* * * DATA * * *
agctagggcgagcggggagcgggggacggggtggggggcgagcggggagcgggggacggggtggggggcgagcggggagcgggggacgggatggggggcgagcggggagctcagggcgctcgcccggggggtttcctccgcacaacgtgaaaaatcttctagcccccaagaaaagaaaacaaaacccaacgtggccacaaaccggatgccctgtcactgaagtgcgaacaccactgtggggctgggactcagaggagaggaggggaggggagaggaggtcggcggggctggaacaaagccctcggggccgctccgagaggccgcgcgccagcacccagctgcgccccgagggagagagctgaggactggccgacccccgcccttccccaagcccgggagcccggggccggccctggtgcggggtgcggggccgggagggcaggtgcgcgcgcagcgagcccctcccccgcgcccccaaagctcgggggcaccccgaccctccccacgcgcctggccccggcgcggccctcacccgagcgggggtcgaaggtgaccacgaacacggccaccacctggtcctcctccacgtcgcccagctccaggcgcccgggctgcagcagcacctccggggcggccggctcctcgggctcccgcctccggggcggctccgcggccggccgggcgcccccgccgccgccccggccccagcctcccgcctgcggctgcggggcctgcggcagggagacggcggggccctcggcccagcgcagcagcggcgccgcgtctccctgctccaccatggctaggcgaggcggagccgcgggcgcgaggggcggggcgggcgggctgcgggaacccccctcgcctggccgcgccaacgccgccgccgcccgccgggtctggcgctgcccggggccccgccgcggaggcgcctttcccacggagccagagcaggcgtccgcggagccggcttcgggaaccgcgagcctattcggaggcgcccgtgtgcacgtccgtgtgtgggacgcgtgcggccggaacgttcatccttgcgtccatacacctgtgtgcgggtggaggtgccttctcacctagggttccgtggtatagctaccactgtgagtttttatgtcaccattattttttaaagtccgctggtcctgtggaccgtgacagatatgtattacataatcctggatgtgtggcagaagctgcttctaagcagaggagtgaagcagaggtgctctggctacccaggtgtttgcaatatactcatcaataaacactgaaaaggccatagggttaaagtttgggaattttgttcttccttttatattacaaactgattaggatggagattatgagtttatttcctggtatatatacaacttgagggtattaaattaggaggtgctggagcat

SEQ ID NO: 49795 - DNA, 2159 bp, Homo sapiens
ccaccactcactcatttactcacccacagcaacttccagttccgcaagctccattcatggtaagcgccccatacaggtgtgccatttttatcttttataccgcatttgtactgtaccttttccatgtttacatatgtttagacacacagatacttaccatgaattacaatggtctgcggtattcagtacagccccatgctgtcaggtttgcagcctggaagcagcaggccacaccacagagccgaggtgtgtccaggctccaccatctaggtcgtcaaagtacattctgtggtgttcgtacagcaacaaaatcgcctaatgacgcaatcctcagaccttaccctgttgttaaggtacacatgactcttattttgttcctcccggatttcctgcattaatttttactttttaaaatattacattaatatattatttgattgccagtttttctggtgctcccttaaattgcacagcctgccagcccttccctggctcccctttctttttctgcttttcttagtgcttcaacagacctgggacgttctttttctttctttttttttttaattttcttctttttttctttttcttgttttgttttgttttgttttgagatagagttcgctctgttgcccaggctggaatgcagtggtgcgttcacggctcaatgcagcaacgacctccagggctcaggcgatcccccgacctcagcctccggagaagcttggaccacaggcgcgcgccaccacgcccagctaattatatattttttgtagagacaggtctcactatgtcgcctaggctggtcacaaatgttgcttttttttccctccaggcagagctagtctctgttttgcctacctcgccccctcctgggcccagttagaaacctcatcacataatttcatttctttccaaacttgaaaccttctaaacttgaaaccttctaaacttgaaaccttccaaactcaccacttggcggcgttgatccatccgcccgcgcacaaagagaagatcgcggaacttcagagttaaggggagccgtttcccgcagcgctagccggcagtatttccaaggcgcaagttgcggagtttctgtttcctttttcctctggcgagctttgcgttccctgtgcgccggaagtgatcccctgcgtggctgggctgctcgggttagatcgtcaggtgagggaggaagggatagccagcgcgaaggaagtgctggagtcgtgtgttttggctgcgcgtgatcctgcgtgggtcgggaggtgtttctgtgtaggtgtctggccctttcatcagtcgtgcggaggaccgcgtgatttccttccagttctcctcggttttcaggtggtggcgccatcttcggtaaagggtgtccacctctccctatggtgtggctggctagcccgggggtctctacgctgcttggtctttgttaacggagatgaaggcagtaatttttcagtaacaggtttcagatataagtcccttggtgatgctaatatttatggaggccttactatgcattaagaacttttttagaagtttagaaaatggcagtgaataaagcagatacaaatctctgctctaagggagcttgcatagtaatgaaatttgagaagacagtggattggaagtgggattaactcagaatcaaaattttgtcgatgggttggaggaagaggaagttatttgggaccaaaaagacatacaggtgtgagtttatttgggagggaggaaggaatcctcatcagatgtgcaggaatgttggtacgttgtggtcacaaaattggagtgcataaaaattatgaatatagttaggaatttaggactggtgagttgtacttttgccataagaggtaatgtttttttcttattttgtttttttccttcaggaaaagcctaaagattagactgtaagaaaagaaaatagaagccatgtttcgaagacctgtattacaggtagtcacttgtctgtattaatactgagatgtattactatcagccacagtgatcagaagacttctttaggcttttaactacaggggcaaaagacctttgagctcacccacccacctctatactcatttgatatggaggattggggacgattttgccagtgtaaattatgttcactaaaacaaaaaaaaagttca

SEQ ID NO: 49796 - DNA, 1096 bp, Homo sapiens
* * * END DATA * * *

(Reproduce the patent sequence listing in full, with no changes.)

agctagggcgagcggggagcgggggacggggtggggggcgagcggggagcgggggacggggtggggggcgagcggggagcgggggacgggatggggggcgagcggggagctcagggcgctcgcccggggggtttcctccgcacaacgtgaaaaatcttctagcccccaagaaaagaaaacaaaacccaacgtggccacaaaccggatgccctgtcactgaagtgcgaacaccactgtggggctgggactcagaggagaggaggggaggggagaggaggtcggcggggctggaacaaagccctcggggccgctccgagaggccgcgcgccagcacccagctgcgccccgagggagagagctgaggactggccgacccccgcccttccccaagcccgggagcccggggccggccctggtgcggggtgcggggccgggagggcaggtgcgcgcgcagcgagcccctcccccgcgcccccaaagctcgggggcaccccgaccctccccacgcgcctggccccggcgcggccctcacccgagcgggggtcgaaggtgaccacgaacacggccaccacctggtcctcctccacgtcgcccagctccaggcgcccgggctgcagcagcacctccggggcggccggctcctcgggctcccgcctccggggcggctccgcggccggccgggcgcccccgccgccgccccggccccagcctcccgcctgcggctgcggggcctgcggcagggagacggcggggccctcggcccagcgcagcagcggcgccgcgtctccctgctccaccatggctaggcgaggcggagccgcgggcgcgaggggcggggcgggcgggctgcgggaacccccctcgcctggccgcgccaacgccgccgccgcccgccgggtctggcgctgcccggggccccgccgcggaggcgcctttcccacggagccagagcaggcgtccgcggagccggcttcgggaaccgcgagcctattcggaggcgcccgtgtgcacgtccgtgtgtgggacgcgtgcggccggaacgttcatccttgcgtccatacacctgtgtgcgggtggaggtgccttctcacctagggttccgtggtatagctaccactgtgagtttttatgtcaccattattttttaaagtccgctggtcctgtggaccgtgacagatatgtattacataatcctggatgtgtggcagaagctgcttctaagcagaggagtgaagcagaggtgctctggctacccaggtgtttgcaatatactcatcaataaacactgaaaaggccatagggttaaagtttgggaattttgttcttccttttatattacaaactgattaggatggagattatgagtttatttcctggtatatatacaacttgagggtattaaattaggaggtgctggagcat

SEQ ID NO: 49795 - DNA, 2159 bp, Homo sapiens
ccaccactcactcatttactcacccacagcaacttccagttccgcaagctccattcatggtaagcgccccatacaggtgtgccatttttatcttttataccgcatttgtactgtaccttttccatgtttacatatgtttagacacacagatacttaccatgaattacaatggtctgcggtattcagtacagccccatgctgtcaggtttgcagcctggaagcagcaggccacaccacagagccgaggtgtgtccaggctccaccatctaggtcgtcaaagtacattctgtggtgttcgtacagcaacaaaatcgcctaatgacgcaatcctcagaccttaccctgttgttaaggtacacatgactcttattttgttcctcccggatttcctgcattaatttttactttttaaaatattacattaatatattatttgattgccagtttttctggtgctcccttaaattgcacagcctgccagcccttccctggctcccctttctttttctgcttttcttagtgcttcaacagacctgggacgttctttttctttctttttttttttaattttcttctttttttctttttcttgttttgttttgttttgttttgagatagagttcgctctgttgcccaggctggaatgcagtggtgcgttcacggctcaatgcagcaacgacctccagggctcaggcgatcccccgacctcagcctccggagaagcttggaccacaggcgcgcgccaccacgcccagctaattatatattttttgtagagacaggtctcactatgtcgcctaggctggtcacaaatgttgcttttttttccctccaggcagagctagtctctgttttgcctacctcgccccctcctgggcccagttagaaacctcatcacataatttcatttctttccaaacttgaaaccttctaaacttgaaaccttctaaacttgaaaccttccaaactcaccacttggcggcgttgatccatccgcccgcgcacaaagagaagatcgcggaacttcagagttaaggggagccgtttcccgcagcgctagccggcagtatttccaaggcgcaagttgcggagtttctgtttcctttttcctctggcgagctttgcgttccctgtgcgccggaagtgatcccctgcgtggctgggctgctcgggttagatcgtcaggtgagggaggaagggatagccagcgcgaaggaagtgctggagtcgtgtgttttggctgcgcgtgatcctgcgtgggtcgggaggtgtttctgtgtaggtgtctggccctttcatcagtcgtgcggaggaccgcgtgatttccttccagttctcctcggttttcaggtggtggcgccatcttcggtaaagggtgtccacctctccctatggtgtggctggctagcccgggggtctctacgctgcttggtctttgttaacggagatgaaggcagtaatttttcagtaacaggtttcagatataagtcccttggtgatgctaatatttatggaggccttactatgcattaagaacttttttagaagtttagaaaatggcagtgaataaagcagatacaaatctctgctctaagggagcttgcatagtaatgaaatttgagaagacagtggattggaagtgggattaactcagaatcaaaattttgtcgatgggttggaggaagaggaagttatttgggaccaaaaagacatacaggtgtgagtttatttgggagggaggaaggaatcctcatcagatgtgcaggaatgttggtacgttgtggtcacaaaattggagtgcataaaaattatgaatatagttaggaatttaggactggtgagttgtacttttgccataagaggtaatgtttttttcttattttgtttttttccttcaggaaaagcctaaagattagactgtaagaaaagaaaatagaagccatgtttcgaagacctgtattacaggtagtcacttgtctgtattaatactgagatgtattactatcagccacagtgatcagaagacttctttaggcttttaactacaggggcaaaagacctttgagctcacccacccacctctatactcatttgatatggaggattggggacgattttgccagtgtaaattatgttcactaaaacaaaaaaaaagttca

SEQ ID NO: 49796 - DNA, 1096 bp, Homo sapiens